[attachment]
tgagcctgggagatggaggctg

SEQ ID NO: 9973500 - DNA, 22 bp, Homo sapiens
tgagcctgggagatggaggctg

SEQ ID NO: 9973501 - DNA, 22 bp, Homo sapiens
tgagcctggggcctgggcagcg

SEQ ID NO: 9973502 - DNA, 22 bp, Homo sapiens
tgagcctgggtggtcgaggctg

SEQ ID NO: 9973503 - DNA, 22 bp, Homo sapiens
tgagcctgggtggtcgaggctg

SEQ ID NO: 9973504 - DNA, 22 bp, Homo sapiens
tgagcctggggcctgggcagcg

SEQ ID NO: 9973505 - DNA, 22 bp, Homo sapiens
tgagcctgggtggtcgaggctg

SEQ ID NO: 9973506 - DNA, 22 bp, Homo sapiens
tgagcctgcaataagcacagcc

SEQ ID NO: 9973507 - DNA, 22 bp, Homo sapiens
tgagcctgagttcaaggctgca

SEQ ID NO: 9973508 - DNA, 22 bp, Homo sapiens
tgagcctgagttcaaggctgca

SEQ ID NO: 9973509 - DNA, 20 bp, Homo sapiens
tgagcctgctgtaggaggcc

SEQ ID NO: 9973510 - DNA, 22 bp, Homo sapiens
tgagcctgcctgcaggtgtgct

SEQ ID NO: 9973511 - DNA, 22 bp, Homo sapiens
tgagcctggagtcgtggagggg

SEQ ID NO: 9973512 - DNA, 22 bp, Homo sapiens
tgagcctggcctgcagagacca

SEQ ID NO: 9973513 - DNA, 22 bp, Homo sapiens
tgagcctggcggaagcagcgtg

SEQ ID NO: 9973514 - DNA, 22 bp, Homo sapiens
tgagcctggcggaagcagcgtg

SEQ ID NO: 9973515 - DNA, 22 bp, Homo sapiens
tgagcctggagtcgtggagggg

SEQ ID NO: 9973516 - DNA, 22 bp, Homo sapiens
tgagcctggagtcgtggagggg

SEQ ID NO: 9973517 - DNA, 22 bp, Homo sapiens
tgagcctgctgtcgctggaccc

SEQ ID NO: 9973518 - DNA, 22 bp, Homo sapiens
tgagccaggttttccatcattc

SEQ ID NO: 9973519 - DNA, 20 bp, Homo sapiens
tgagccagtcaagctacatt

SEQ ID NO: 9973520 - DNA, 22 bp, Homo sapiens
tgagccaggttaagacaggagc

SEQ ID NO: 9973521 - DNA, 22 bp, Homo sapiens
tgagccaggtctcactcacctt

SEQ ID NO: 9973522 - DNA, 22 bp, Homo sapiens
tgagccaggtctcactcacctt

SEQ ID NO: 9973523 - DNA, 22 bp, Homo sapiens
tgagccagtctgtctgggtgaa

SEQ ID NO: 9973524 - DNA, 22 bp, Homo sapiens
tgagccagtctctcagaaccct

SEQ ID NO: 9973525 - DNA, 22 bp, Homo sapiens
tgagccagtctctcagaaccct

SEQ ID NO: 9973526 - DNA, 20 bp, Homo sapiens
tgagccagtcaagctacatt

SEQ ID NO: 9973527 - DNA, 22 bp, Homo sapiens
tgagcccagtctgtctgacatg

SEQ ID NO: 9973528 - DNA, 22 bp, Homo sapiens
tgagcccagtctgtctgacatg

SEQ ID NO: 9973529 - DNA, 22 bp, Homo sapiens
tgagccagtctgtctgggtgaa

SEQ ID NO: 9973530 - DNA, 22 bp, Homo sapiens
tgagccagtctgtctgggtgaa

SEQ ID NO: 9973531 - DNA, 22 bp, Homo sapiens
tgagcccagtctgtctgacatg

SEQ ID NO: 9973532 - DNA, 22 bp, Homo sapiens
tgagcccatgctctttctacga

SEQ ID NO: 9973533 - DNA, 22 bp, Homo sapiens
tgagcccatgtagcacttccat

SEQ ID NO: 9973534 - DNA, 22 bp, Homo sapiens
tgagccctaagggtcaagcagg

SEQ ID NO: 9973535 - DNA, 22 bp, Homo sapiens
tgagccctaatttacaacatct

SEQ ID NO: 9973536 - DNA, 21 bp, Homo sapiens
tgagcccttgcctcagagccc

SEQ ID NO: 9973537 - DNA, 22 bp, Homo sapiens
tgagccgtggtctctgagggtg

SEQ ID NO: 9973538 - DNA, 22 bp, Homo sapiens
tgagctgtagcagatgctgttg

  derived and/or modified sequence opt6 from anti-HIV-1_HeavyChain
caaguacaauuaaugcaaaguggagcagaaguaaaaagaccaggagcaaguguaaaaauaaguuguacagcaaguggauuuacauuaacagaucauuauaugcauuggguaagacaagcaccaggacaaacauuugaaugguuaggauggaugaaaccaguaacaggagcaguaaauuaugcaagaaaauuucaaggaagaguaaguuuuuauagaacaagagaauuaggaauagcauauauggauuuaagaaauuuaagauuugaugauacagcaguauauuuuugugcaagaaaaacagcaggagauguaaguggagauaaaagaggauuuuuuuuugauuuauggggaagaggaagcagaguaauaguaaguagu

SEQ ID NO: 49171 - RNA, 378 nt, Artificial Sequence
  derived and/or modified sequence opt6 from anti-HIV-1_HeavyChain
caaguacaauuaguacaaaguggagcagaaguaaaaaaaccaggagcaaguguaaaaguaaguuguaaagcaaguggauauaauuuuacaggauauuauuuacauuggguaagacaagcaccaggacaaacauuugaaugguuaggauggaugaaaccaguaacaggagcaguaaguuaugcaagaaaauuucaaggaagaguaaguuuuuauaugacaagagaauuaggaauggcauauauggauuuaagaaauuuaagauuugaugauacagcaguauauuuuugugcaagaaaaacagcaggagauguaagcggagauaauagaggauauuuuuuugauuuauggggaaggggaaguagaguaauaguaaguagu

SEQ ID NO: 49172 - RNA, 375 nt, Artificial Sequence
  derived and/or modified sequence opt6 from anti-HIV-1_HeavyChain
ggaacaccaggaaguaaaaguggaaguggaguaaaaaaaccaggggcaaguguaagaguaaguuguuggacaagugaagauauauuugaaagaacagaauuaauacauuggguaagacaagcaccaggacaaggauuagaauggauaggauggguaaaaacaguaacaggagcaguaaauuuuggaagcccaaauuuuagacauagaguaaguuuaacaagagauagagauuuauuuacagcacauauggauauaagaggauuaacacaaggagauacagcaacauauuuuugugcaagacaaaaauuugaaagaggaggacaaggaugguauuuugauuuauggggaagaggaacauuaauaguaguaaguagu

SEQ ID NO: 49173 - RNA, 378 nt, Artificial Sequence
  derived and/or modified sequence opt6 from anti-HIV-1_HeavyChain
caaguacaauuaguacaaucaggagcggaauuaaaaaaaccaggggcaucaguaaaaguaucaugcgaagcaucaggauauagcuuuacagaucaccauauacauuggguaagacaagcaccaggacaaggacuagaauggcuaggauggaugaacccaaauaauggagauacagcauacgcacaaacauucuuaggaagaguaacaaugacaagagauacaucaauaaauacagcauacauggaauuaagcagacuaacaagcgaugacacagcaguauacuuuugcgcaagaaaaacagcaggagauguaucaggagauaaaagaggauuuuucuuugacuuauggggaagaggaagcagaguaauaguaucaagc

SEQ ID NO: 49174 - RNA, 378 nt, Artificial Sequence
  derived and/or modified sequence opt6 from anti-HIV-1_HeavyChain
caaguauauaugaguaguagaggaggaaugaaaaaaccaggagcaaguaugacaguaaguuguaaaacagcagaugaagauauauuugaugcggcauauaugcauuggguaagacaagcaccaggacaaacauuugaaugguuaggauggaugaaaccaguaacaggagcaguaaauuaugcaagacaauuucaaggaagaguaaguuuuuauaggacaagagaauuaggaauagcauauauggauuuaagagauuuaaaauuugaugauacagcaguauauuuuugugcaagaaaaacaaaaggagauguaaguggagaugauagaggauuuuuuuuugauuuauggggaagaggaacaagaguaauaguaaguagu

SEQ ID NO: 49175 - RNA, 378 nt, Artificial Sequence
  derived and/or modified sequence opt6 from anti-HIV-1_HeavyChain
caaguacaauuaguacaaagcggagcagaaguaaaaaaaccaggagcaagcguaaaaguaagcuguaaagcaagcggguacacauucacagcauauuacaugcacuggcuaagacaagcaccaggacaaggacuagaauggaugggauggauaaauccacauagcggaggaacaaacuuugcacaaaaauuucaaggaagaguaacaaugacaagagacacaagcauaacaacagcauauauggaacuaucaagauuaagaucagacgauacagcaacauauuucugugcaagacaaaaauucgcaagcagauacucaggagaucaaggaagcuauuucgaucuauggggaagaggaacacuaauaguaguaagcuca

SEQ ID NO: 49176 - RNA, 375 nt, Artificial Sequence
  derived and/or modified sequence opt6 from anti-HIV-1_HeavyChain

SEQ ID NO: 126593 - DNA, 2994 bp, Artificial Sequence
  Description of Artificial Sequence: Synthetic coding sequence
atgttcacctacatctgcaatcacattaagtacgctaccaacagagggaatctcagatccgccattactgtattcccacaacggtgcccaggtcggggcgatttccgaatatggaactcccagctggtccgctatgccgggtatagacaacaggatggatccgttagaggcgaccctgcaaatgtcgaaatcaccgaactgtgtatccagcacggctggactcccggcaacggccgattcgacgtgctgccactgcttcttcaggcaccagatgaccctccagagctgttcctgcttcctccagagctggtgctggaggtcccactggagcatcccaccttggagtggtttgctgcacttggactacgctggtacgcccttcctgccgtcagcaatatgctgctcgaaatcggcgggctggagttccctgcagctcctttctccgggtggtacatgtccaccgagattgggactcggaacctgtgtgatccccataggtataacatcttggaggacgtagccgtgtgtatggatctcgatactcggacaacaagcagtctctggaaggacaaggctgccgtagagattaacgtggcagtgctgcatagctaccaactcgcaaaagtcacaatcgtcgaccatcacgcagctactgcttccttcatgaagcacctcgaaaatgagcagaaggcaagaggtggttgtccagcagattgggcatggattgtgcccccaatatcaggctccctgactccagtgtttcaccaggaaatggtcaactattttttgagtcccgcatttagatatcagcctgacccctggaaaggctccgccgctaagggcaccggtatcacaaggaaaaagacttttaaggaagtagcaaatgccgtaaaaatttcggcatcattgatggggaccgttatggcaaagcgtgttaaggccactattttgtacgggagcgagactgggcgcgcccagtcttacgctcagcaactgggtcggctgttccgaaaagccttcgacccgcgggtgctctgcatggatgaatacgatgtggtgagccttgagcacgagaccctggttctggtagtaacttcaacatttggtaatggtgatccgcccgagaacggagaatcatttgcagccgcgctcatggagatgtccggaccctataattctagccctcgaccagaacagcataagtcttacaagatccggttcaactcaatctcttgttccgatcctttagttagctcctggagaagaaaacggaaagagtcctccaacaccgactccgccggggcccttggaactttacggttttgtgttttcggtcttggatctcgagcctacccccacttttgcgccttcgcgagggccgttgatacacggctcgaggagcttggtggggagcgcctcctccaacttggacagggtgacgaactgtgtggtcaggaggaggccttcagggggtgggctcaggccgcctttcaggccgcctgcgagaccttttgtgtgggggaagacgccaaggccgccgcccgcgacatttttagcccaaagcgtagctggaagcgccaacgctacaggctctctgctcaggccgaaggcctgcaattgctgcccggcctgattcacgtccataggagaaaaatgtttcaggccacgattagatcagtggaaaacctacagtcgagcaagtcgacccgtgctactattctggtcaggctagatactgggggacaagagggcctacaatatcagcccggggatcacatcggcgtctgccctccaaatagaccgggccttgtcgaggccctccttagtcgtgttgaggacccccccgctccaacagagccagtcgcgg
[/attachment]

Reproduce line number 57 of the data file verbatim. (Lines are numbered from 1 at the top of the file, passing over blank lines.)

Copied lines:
tgagcccagtctgtctgacatg